|Welcome to the Realising Teaching Excellence blog at the University of Worcester, where we hope to keep you informed about teaching and learning developments, create dialogue around developing excellence, and introduce you to examples of interesting practice.|
|See the “Teaching Excellence” page for the latest news and the “Interesting Practice” page for learning and teaching case studies. See the “Resources” page for the recently added “Busy Lecturer’s Guide to Inclusive Practice”.|
There have been an increasing number of students entering the university at Level 5 and 6 over the past 5 years from a range of partners’ institutions including BMET (Stourbridge), Heart of Worcestershire College, TCAT and transfers from other HEI’s. There are a number of key transition stages for students within higher education. Transition stages can highlight perplexing times for students, these could be an adjustment in academic activities or a transition within their personal and/or social life. These key transition points could be entry into the first or second year of study or even a top-up into the final year of study (Whittaker, 2008). It is important to engage early within the transition process in higher education, to establish methods for effective learning and ensure sustained retention throughout undergraduate programmes (Tinto, 2009).
Data collected from focus groups in an OCAP (Online Centre for Achievement and Progression) project reflected a need for further support in this process from the application phase to the formal transition into ISES within the university. Students during the focus groups alluded to the fact that all the information they received was from their lecturers but was not as detailed as it could have been. Some had not been to the university or met any lecturers and the level 6 entry students did not know that you had to find an independent study supervisor. This was particularly pertinent for direct entry and partner college students.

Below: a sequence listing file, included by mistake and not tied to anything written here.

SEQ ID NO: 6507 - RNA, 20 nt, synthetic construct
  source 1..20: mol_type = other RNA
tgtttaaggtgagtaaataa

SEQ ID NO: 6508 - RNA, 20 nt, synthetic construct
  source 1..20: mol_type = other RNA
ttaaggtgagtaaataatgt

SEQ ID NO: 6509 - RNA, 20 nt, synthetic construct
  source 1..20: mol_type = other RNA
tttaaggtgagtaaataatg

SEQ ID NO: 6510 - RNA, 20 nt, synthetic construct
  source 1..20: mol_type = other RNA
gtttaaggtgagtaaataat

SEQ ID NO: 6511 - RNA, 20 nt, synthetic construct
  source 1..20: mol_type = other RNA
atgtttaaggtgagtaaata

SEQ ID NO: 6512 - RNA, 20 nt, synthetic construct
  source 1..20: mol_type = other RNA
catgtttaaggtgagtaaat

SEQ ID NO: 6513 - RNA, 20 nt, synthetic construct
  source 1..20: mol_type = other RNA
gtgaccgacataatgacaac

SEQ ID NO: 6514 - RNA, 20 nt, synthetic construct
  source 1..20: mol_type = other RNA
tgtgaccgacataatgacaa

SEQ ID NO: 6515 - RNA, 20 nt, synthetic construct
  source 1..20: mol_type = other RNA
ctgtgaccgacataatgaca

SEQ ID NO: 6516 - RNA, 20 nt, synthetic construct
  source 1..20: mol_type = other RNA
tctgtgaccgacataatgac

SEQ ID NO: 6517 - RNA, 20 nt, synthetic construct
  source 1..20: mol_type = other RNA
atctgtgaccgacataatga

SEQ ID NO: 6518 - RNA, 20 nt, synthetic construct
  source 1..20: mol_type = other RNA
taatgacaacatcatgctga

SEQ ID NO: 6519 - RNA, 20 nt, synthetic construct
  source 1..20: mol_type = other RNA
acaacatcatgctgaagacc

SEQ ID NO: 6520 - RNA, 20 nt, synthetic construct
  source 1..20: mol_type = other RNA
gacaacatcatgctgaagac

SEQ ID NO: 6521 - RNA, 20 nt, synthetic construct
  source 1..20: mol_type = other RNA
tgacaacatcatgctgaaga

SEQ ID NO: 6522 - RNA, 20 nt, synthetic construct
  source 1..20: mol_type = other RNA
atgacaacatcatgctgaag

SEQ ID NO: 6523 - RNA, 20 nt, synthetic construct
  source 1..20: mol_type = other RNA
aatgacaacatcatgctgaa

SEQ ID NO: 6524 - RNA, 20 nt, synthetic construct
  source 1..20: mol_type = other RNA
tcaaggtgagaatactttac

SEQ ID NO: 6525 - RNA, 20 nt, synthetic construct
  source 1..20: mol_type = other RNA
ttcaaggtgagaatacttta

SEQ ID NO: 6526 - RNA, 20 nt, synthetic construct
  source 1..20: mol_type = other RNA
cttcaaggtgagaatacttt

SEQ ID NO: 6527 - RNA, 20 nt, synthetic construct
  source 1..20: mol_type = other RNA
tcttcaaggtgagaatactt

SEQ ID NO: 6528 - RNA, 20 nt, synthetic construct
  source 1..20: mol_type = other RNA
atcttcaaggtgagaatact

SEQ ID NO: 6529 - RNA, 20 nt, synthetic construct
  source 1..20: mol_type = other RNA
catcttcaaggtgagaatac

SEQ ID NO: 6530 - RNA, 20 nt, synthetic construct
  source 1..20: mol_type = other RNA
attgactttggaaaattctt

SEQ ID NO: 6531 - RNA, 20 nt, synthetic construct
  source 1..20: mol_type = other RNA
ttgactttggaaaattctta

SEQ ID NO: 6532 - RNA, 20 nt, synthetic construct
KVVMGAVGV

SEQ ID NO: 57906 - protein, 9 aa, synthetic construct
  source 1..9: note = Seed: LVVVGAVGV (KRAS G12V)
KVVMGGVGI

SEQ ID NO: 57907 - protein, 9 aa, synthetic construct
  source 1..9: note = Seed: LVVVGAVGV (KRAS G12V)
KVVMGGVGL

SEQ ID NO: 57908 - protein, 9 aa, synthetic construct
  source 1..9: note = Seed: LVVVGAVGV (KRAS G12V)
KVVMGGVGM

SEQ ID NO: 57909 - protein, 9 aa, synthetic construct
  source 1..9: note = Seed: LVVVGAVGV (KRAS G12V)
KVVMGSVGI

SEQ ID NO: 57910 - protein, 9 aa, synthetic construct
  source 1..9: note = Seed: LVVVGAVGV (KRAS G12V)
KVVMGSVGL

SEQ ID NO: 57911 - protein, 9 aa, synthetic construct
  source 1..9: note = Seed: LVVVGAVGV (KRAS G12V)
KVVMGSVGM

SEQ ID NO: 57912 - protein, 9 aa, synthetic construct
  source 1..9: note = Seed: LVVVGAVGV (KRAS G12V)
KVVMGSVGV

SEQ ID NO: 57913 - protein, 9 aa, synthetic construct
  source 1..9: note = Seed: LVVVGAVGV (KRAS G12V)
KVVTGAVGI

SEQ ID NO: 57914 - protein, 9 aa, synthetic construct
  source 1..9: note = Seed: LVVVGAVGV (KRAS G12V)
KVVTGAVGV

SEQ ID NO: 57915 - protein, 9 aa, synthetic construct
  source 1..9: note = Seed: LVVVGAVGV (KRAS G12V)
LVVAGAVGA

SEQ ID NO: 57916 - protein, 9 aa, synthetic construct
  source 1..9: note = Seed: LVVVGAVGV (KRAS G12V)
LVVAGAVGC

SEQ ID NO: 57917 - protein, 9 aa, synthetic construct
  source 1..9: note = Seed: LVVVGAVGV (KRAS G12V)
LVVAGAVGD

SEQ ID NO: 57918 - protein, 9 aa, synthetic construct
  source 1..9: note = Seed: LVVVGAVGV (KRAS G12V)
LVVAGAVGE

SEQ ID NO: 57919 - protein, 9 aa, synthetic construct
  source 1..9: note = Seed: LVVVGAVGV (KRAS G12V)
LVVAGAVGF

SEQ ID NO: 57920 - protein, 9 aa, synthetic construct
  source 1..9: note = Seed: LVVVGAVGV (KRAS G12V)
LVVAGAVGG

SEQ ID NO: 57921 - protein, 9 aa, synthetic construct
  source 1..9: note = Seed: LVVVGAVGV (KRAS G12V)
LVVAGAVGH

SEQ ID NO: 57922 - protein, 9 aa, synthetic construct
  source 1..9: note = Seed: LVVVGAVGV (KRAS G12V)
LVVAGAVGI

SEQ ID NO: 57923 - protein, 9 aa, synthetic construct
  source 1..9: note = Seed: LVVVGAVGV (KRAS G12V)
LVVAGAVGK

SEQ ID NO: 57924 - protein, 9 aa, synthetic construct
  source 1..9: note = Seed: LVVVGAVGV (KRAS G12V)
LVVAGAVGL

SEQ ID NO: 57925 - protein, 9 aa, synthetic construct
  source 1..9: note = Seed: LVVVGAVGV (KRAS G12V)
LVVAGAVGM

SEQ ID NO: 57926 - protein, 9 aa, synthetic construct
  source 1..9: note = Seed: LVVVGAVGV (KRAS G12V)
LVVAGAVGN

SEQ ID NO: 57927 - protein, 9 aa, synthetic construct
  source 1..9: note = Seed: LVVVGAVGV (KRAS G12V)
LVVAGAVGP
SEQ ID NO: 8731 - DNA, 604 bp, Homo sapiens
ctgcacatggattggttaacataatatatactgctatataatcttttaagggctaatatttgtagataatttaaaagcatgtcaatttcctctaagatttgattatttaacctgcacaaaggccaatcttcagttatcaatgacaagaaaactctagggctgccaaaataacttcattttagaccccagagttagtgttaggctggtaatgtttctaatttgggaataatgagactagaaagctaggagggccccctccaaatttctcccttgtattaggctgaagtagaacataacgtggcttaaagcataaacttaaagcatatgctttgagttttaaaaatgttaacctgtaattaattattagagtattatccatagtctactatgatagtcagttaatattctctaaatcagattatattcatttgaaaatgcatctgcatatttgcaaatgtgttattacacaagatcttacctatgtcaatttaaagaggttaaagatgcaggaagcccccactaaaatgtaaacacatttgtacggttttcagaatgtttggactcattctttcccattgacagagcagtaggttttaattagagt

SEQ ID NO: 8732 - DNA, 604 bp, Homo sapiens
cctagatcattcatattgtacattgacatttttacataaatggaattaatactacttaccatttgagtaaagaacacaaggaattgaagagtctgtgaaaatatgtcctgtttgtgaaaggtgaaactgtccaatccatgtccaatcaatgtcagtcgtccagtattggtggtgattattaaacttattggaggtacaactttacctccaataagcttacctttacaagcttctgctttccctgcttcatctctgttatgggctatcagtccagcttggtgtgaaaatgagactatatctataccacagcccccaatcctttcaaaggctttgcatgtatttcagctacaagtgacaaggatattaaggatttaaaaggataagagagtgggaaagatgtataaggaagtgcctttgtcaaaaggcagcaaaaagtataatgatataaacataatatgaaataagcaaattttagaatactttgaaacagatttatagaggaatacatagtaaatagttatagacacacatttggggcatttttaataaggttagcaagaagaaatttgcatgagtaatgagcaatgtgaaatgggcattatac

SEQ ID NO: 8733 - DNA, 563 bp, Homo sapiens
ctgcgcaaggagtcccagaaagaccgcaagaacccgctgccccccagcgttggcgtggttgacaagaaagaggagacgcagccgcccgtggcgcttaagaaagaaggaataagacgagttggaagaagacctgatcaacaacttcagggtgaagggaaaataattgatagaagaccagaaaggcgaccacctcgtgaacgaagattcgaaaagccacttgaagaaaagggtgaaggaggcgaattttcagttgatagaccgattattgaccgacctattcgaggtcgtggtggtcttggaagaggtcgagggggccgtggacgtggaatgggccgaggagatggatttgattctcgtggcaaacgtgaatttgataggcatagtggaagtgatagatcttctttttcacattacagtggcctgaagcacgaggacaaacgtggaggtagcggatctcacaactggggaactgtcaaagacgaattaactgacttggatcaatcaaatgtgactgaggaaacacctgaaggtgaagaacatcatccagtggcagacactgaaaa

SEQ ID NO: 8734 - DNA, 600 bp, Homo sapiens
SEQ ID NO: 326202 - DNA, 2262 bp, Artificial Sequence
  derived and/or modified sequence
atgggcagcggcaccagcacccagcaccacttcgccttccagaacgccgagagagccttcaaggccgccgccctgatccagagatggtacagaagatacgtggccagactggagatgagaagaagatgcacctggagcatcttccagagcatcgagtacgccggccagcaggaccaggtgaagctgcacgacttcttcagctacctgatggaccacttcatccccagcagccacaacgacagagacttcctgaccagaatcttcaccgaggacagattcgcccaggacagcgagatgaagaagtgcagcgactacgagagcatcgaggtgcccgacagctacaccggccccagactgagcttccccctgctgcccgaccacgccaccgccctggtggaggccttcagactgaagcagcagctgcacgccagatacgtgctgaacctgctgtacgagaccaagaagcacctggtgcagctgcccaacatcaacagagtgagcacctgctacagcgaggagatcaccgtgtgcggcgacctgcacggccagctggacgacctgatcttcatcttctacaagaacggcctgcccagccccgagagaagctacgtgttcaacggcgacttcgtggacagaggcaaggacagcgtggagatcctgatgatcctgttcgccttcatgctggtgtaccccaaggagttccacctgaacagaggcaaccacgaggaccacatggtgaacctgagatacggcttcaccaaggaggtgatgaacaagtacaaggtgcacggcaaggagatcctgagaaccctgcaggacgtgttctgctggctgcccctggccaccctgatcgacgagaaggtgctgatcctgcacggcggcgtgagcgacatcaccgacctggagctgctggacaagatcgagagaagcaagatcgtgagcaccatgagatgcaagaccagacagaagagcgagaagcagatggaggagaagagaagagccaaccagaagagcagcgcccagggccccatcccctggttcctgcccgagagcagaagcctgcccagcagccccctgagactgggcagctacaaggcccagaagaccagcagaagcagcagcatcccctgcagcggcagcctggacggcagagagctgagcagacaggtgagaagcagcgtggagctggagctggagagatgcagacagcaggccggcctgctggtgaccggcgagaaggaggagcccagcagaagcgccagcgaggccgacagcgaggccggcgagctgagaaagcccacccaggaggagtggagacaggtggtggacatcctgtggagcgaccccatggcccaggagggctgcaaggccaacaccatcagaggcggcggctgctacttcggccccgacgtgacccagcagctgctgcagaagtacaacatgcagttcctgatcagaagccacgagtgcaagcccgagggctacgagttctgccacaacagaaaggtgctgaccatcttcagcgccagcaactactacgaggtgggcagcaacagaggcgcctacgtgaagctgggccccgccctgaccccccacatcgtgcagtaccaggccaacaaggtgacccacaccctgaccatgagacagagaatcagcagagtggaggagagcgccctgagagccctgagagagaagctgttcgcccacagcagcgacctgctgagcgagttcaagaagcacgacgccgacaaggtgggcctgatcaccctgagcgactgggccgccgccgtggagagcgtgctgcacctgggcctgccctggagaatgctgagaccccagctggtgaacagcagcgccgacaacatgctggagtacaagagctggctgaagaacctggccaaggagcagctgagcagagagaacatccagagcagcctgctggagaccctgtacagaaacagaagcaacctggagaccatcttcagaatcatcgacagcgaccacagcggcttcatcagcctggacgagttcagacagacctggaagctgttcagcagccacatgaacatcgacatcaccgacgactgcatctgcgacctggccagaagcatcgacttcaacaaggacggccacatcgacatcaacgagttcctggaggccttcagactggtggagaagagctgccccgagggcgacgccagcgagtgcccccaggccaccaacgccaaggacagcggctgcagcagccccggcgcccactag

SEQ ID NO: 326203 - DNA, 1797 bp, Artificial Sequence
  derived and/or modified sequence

Change can happen quickly within a student’s academic journey, when confronted with adjustment the transition process takes longer to achieve (QAA, 2015). Due to a rise in retention, higher education institutions are developing more formalized support mechanisms, one of these being peer mentoring. Student mentoring is not a new phenomenon and has be used extensively within a variety of vocational and educational settings to support and facilitate learning (Level & Mach, 2005). The overall aim of the project was to begin to understand what mechanisms work for transition students that top-up into a level 5 or 6 undergraduate programme, in particular peer mentoring.
Five Level 6 students studying on a range of undergraduate programmes within ISES were recruited to mentor the ‘transition’ students (n=48). The mentor was required to support the mentee throughout their transition into a UoW undergraduate programme. The mentor made initial contact with their mentees via email and arranged to meet as a collective group or on a 1 to 1 basis. Their role was to support the mentee as another point of contact rather than an academic member of staff. The mentors also set up a ‘Yammer’ group to support the whole group with FAQ’s.
The findings of the project suggested that 50% of students (mentees) found that the mentor initiative was effective with 33.3% stating no it wasn’t and 16.7% stating it may be effective. The SAM’s felt that they would have benefitted from a mentor scheme when they transitioned into an undergraduate programme. Leese (2010) supports this notion as it has been suggested that ‘new students’ within universities are often unable to engage in group networks of support which in turn hinders their transition.
The project has enabled the institute to support the students accordingly for 17/18. The following recommendations have been made in relation to this project and how as an institute we can support the transition students on their new journey; bespoke welcome week programme, peer mentors, designated PAT and support with module selection process. All of these have been implemented and further evaluations of their success will be measured at the end of the academic year.